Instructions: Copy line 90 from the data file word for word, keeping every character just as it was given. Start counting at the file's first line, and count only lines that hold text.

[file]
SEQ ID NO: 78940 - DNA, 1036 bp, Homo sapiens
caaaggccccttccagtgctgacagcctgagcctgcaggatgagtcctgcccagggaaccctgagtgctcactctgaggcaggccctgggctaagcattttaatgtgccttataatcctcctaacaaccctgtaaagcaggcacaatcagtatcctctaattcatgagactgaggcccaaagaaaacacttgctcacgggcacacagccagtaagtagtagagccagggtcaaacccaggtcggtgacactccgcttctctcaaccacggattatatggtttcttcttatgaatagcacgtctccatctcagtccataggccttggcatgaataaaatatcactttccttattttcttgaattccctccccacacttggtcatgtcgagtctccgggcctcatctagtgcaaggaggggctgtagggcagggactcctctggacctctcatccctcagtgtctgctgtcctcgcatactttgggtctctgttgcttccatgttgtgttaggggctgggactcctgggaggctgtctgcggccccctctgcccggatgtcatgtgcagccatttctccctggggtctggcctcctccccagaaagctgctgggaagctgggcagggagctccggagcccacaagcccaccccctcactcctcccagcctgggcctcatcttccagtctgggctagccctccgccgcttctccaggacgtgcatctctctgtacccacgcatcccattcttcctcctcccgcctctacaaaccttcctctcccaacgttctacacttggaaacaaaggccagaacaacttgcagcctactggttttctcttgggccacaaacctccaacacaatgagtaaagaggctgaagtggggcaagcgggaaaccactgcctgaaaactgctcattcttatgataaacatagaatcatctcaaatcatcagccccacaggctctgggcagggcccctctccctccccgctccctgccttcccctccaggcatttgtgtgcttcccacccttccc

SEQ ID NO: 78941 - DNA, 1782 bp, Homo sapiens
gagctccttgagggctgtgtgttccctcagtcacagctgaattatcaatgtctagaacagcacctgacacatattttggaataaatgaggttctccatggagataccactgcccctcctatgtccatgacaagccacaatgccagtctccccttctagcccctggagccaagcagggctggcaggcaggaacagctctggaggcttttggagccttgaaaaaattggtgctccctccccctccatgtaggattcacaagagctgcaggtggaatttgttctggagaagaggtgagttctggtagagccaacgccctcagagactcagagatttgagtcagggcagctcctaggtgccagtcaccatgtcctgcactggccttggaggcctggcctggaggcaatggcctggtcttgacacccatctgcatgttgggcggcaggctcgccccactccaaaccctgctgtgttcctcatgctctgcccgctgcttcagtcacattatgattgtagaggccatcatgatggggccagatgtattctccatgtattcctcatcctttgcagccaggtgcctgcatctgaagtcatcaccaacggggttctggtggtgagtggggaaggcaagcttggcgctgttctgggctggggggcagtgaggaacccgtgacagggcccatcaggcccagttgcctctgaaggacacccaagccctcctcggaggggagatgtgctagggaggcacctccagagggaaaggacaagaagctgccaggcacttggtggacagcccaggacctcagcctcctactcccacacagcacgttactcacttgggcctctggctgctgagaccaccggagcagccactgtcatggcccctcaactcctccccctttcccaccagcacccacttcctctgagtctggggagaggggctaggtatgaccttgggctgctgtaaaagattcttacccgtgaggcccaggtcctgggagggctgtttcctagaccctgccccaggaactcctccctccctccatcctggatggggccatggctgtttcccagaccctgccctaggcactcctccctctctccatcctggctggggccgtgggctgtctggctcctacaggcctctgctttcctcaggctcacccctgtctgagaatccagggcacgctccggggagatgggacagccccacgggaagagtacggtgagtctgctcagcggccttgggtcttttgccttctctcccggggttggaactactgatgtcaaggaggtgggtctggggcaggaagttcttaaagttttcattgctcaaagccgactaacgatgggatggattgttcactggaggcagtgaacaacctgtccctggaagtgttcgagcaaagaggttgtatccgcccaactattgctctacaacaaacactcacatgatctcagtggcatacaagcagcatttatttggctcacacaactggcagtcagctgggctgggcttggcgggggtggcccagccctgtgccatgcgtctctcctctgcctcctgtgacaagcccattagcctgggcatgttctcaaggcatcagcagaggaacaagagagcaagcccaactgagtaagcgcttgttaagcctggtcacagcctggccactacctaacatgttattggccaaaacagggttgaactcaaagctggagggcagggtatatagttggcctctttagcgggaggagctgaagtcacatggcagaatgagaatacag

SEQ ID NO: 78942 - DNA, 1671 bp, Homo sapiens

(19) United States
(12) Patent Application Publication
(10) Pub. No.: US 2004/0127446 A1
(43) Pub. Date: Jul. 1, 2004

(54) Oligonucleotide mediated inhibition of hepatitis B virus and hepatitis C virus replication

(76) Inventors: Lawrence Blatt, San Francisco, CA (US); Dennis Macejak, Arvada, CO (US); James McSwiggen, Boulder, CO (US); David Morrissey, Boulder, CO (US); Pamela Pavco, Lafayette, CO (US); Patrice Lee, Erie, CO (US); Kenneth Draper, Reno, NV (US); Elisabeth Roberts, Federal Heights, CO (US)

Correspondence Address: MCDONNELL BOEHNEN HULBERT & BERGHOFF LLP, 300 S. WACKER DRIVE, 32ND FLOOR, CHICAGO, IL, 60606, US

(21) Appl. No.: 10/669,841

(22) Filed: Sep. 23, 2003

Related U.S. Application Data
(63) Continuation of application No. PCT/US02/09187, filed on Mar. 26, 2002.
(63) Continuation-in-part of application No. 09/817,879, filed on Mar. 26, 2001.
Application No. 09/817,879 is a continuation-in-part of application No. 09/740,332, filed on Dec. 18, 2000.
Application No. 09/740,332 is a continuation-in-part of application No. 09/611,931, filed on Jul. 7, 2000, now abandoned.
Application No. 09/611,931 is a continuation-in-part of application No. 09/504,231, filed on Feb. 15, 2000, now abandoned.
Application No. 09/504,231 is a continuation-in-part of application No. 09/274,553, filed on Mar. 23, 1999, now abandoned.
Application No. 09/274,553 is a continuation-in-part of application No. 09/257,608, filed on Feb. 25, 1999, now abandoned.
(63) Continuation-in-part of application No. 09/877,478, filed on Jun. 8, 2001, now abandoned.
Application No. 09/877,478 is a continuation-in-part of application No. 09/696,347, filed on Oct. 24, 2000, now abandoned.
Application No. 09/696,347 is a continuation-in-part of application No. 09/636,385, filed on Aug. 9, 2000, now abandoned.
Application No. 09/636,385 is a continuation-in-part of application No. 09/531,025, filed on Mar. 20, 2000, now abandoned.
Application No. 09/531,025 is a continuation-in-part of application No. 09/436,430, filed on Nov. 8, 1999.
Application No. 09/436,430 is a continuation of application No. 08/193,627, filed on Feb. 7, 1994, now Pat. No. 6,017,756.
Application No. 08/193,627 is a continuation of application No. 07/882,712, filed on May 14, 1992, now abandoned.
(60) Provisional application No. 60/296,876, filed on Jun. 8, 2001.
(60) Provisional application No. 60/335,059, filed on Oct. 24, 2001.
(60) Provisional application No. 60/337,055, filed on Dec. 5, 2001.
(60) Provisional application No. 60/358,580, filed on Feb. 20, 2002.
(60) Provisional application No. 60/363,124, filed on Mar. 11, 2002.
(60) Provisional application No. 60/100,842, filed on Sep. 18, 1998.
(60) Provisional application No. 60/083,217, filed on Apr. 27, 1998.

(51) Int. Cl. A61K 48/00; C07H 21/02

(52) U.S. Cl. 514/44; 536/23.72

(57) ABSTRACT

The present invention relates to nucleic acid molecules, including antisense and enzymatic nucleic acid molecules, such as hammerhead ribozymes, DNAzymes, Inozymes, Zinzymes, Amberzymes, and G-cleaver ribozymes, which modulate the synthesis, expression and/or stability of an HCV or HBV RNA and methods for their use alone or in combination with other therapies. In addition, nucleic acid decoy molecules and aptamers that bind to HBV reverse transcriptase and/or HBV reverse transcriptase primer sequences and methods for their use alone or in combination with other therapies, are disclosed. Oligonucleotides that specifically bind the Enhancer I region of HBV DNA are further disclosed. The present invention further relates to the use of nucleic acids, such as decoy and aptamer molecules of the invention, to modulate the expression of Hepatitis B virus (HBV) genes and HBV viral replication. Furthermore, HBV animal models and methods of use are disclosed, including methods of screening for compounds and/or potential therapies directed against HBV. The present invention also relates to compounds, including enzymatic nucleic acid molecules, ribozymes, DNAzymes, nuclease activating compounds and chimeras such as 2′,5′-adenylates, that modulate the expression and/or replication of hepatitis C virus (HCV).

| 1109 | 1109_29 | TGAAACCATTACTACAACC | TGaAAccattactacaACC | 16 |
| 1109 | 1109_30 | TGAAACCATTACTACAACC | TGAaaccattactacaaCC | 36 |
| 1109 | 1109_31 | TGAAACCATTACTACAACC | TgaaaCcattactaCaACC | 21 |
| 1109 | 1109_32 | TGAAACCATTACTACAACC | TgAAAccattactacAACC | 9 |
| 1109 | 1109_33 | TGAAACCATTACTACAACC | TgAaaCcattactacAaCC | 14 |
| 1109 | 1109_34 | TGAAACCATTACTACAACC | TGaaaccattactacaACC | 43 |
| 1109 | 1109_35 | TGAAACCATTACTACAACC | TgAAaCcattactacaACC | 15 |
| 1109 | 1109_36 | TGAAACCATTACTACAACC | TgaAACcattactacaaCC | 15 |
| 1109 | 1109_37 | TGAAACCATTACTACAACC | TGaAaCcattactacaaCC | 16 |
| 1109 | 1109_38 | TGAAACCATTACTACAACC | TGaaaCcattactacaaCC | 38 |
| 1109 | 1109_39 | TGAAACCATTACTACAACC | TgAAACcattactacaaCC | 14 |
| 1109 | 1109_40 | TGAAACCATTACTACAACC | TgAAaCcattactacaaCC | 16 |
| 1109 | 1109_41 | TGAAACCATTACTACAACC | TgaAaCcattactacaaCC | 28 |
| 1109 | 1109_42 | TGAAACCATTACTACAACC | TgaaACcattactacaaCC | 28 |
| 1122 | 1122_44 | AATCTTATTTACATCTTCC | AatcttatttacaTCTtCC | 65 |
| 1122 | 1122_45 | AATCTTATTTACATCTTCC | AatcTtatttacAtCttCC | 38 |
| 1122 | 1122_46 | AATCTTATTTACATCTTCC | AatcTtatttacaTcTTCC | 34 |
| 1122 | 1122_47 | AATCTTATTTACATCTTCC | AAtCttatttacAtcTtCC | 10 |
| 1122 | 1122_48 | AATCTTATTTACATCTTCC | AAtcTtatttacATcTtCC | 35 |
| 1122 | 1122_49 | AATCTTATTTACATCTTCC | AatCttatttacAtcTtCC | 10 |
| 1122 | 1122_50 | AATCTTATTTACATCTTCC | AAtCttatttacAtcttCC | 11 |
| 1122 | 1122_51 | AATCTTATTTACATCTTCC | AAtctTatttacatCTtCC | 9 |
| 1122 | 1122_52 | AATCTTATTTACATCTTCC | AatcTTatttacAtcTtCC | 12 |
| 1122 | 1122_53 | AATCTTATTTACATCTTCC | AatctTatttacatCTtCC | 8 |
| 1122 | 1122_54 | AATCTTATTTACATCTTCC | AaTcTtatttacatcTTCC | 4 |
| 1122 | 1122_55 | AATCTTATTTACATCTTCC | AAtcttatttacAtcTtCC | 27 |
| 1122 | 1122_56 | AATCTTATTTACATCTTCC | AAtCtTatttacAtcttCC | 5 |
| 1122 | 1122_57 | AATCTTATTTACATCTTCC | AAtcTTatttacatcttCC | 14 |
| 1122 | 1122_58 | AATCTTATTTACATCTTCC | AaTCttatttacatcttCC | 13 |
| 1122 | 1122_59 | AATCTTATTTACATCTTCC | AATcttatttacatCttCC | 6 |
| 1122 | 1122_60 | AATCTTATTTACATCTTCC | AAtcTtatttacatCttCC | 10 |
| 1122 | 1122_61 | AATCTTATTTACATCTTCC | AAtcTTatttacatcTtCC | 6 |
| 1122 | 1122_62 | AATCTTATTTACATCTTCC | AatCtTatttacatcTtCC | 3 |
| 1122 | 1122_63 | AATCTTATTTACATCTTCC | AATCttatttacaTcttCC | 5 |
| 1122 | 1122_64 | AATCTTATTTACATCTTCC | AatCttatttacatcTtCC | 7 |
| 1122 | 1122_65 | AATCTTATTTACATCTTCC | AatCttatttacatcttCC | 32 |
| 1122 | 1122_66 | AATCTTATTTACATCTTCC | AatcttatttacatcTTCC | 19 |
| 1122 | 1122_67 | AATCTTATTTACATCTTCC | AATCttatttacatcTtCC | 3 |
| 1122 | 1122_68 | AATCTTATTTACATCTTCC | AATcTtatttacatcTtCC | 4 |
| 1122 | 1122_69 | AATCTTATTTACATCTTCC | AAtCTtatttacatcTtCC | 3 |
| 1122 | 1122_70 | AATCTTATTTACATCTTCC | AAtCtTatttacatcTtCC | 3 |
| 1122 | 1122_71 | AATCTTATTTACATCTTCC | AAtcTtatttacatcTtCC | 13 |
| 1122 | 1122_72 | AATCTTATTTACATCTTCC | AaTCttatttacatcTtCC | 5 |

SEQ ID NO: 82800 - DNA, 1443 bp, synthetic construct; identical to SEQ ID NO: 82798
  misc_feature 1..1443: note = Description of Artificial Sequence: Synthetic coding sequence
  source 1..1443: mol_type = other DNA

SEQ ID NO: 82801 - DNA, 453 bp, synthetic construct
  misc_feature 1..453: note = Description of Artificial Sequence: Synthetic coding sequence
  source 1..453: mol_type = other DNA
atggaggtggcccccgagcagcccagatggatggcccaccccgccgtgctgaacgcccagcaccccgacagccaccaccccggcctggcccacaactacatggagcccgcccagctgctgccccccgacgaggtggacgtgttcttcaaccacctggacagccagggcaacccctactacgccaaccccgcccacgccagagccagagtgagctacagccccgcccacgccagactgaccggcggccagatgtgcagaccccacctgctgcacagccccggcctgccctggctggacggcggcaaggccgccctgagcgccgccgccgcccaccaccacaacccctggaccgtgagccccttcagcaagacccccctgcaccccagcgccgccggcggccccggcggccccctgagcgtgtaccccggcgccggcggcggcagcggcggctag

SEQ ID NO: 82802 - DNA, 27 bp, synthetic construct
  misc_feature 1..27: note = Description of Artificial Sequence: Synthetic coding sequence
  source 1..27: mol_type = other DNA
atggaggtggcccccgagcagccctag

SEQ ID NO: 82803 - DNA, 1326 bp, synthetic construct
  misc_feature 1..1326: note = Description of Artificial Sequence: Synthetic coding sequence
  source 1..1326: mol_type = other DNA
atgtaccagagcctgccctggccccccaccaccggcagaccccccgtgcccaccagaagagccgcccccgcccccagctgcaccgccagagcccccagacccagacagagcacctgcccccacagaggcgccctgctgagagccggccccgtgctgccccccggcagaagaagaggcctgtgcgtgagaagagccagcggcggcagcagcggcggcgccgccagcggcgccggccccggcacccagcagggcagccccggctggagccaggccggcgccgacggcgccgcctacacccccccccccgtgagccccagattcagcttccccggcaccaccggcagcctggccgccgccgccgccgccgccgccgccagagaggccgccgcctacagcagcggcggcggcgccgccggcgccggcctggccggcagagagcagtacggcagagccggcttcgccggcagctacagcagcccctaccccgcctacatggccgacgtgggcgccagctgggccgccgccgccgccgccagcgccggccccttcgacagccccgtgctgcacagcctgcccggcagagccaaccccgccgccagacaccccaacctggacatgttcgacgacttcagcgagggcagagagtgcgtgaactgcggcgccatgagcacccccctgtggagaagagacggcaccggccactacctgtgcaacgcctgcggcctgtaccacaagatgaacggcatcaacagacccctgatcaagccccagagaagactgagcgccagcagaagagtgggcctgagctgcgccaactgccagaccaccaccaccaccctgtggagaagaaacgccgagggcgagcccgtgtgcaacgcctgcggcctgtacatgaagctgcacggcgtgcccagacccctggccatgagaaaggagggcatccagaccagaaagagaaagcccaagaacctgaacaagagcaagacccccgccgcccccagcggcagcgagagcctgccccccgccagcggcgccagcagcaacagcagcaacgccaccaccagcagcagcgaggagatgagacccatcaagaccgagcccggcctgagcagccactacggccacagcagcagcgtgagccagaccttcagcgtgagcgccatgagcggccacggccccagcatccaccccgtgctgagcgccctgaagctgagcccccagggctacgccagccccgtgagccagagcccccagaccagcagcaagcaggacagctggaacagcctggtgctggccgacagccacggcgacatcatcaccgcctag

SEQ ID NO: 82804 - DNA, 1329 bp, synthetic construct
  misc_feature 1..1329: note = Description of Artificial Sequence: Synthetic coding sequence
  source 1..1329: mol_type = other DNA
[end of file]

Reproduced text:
atggaggtggcccccgagcagcccagatggatggcccaccccgccgtgctgaacgcccagcaccccgacagccaccaccccggcctggcccacaactacatggagcccgcccagctgctgccccccgacgaggtggacgtgttcttcaaccacctggacagccagggcaacccctactacgccaaccccgcccacgccagagccagagtgagctacagccccgcccacgccagactgaccggcggccagatgtgcagaccccacctgctgcacagccccggcctgccctggctggacggcggcaaggccgccctgagcgccgccgccgcccaccaccacaacccctggaccgtgagccccttcagcaagacccccctgcaccccagcgccgccggcggccccggcggccccctgagcgtgtaccccggcgccggcggcggcagcggcggctag